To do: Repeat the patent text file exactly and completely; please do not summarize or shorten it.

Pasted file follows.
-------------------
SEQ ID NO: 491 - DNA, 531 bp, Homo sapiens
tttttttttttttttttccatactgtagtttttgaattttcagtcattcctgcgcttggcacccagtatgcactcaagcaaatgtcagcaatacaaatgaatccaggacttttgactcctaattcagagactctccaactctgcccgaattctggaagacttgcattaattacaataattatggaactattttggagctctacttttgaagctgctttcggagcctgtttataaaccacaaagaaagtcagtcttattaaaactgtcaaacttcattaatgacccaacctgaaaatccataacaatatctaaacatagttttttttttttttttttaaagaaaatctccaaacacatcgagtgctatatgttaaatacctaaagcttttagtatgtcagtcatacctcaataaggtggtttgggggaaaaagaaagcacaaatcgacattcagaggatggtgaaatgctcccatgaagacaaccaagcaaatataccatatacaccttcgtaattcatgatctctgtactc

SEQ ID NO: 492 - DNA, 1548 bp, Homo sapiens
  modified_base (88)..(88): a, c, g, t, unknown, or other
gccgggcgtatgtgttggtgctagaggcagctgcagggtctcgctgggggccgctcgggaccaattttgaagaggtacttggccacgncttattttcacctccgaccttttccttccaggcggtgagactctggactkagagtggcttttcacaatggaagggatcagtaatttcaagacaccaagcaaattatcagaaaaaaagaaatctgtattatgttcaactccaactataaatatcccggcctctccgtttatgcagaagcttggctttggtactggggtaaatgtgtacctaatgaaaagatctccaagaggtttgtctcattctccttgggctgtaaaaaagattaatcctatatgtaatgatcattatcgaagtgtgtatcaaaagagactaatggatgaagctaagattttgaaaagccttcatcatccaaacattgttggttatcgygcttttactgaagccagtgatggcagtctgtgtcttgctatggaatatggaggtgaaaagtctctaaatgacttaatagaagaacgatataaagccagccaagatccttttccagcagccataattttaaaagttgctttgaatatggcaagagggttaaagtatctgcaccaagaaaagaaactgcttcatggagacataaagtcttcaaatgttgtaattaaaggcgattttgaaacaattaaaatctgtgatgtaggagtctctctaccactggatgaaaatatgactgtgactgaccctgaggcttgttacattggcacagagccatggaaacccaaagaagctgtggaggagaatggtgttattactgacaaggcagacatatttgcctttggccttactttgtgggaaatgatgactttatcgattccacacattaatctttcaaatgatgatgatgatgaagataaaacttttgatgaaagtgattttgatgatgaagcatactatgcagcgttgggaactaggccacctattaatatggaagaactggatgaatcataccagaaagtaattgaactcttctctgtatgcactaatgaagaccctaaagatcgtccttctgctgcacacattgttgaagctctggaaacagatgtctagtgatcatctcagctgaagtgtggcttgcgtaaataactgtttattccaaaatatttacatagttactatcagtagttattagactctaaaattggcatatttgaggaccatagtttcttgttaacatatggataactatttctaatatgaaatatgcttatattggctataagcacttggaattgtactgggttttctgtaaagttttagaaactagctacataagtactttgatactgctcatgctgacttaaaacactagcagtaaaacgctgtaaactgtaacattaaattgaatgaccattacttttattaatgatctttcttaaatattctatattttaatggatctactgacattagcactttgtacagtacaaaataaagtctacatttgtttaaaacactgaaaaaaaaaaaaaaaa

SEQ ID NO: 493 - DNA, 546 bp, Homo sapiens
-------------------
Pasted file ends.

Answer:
SEQ ID NO: 491 - DNA, 531 bp, Homo sapiens
tttttttttttttttttccatactgtagtttttgaattttcagtcattcctgcgcttggcacccagtatgcactcaagcaaatgtcagcaatacaaatgaatccaggacttttgactcctaattcagagactctccaactctgcccgaattctggaagacttgcattaattacaataattatggaactattttggagctctacttttgaagctgctttcggagcctgtttataaaccacaaagaaagtcagtcttattaaaactgtcaaacttcattaatgacccaacctgaaaatccataacaatatctaaacatagttttttttttttttttttaaagaaaatctccaaacacatcgagtgctatatgttaaatacctaaagcttttagtatgtcagtcatacctcaataaggtggtttgggggaaaaagaaagcacaaatcgacattcagaggatggtgaaatgctcccatgaagacaaccaagcaaatataccatatacaccttcgtaattcatgatctctgtactc

SEQ ID NO: 492 - DNA, 1548 bp, Homo sapiens
  modified_base (88)..(88): a, c, g, t, unknown, or other
gccgggcgtatgtgttggtgctagaggcagctgcagggtctcgctgggggccgctcgggaccaattttgaagaggtacttggccacgncttattttcacctccgaccttttccttccaggcggtgagactctggactkagagtggcttttcacaatggaagggatcagtaatttcaagacaccaagcaaattatcagaaaaaaagaaatctgtattatgttcaactccaactataaatatcccggcctctccgtttatgcagaagcttggctttggtactggggtaaatgtgtacctaatgaaaagatctccaagaggtttgtctcattctccttgggctgtaaaaaagattaatcctatatgtaatgatcattatcgaagtgtgtatcaaaagagactaatggatgaagctaagattttgaaaagccttcatcatccaaacattgttggttatcgygcttttactgaagccagtgatggcagtctgtgtcttgctatggaatatggaggtgaaaagtctctaaatgacttaatagaagaacgatataaagccagccaagatccttttccagcagccataattttaaaagttgctttgaatatggcaagagggttaaagtatctgcaccaagaaaagaaactgcttcatggagacataaagtcttcaaatgttgtaattaaaggcgattttgaaacaattaaaatctgtgatgtaggagtctctctaccactggatgaaaatatgactgtgactgaccctgaggcttgttacattggcacagagccatggaaacccaaagaagctgtggaggagaatggtgttattactgacaaggcagacatatttgcctttggccttactttgtgggaaatgatgactttatcgattccacacattaatctttcaaatgatgatgatgatgaagataaaacttttgatgaaagtgattttgatgatgaagcatactatgcagcgttgggaactaggccacctattaatatggaagaactggatgaatcataccagaaagtaattgaactcttctctgtatgcactaatgaagaccctaaagatcgtccttctgctgcacacattgttgaagctctggaaacagatgtctagtgatcatctcagctgaagtgtggcttgcgtaaataactgtttattccaaaatatttacatagttactatcagtagttattagactctaaaattggcatatttgaggaccatagtttcttgttaacatatggataactatttctaatatgaaatatgcttatattggctataagcacttggaattgtactgggttttctgtaaagttttagaaactagctacataagtactttgatactgctcatgctgacttaaaacactagcagtaaaacgctgtaaactgtaacattaaattgaatgaccattacttttattaatgatctttcttaaatattctatattttaatggatctactgacattagcactttgtacagtacaaaataaagtctacatttgtttaaaacactgaaaaaaaaaaaaaaaa

SEQ ID NO: 493 - DNA, 546 bp, Homo sapiens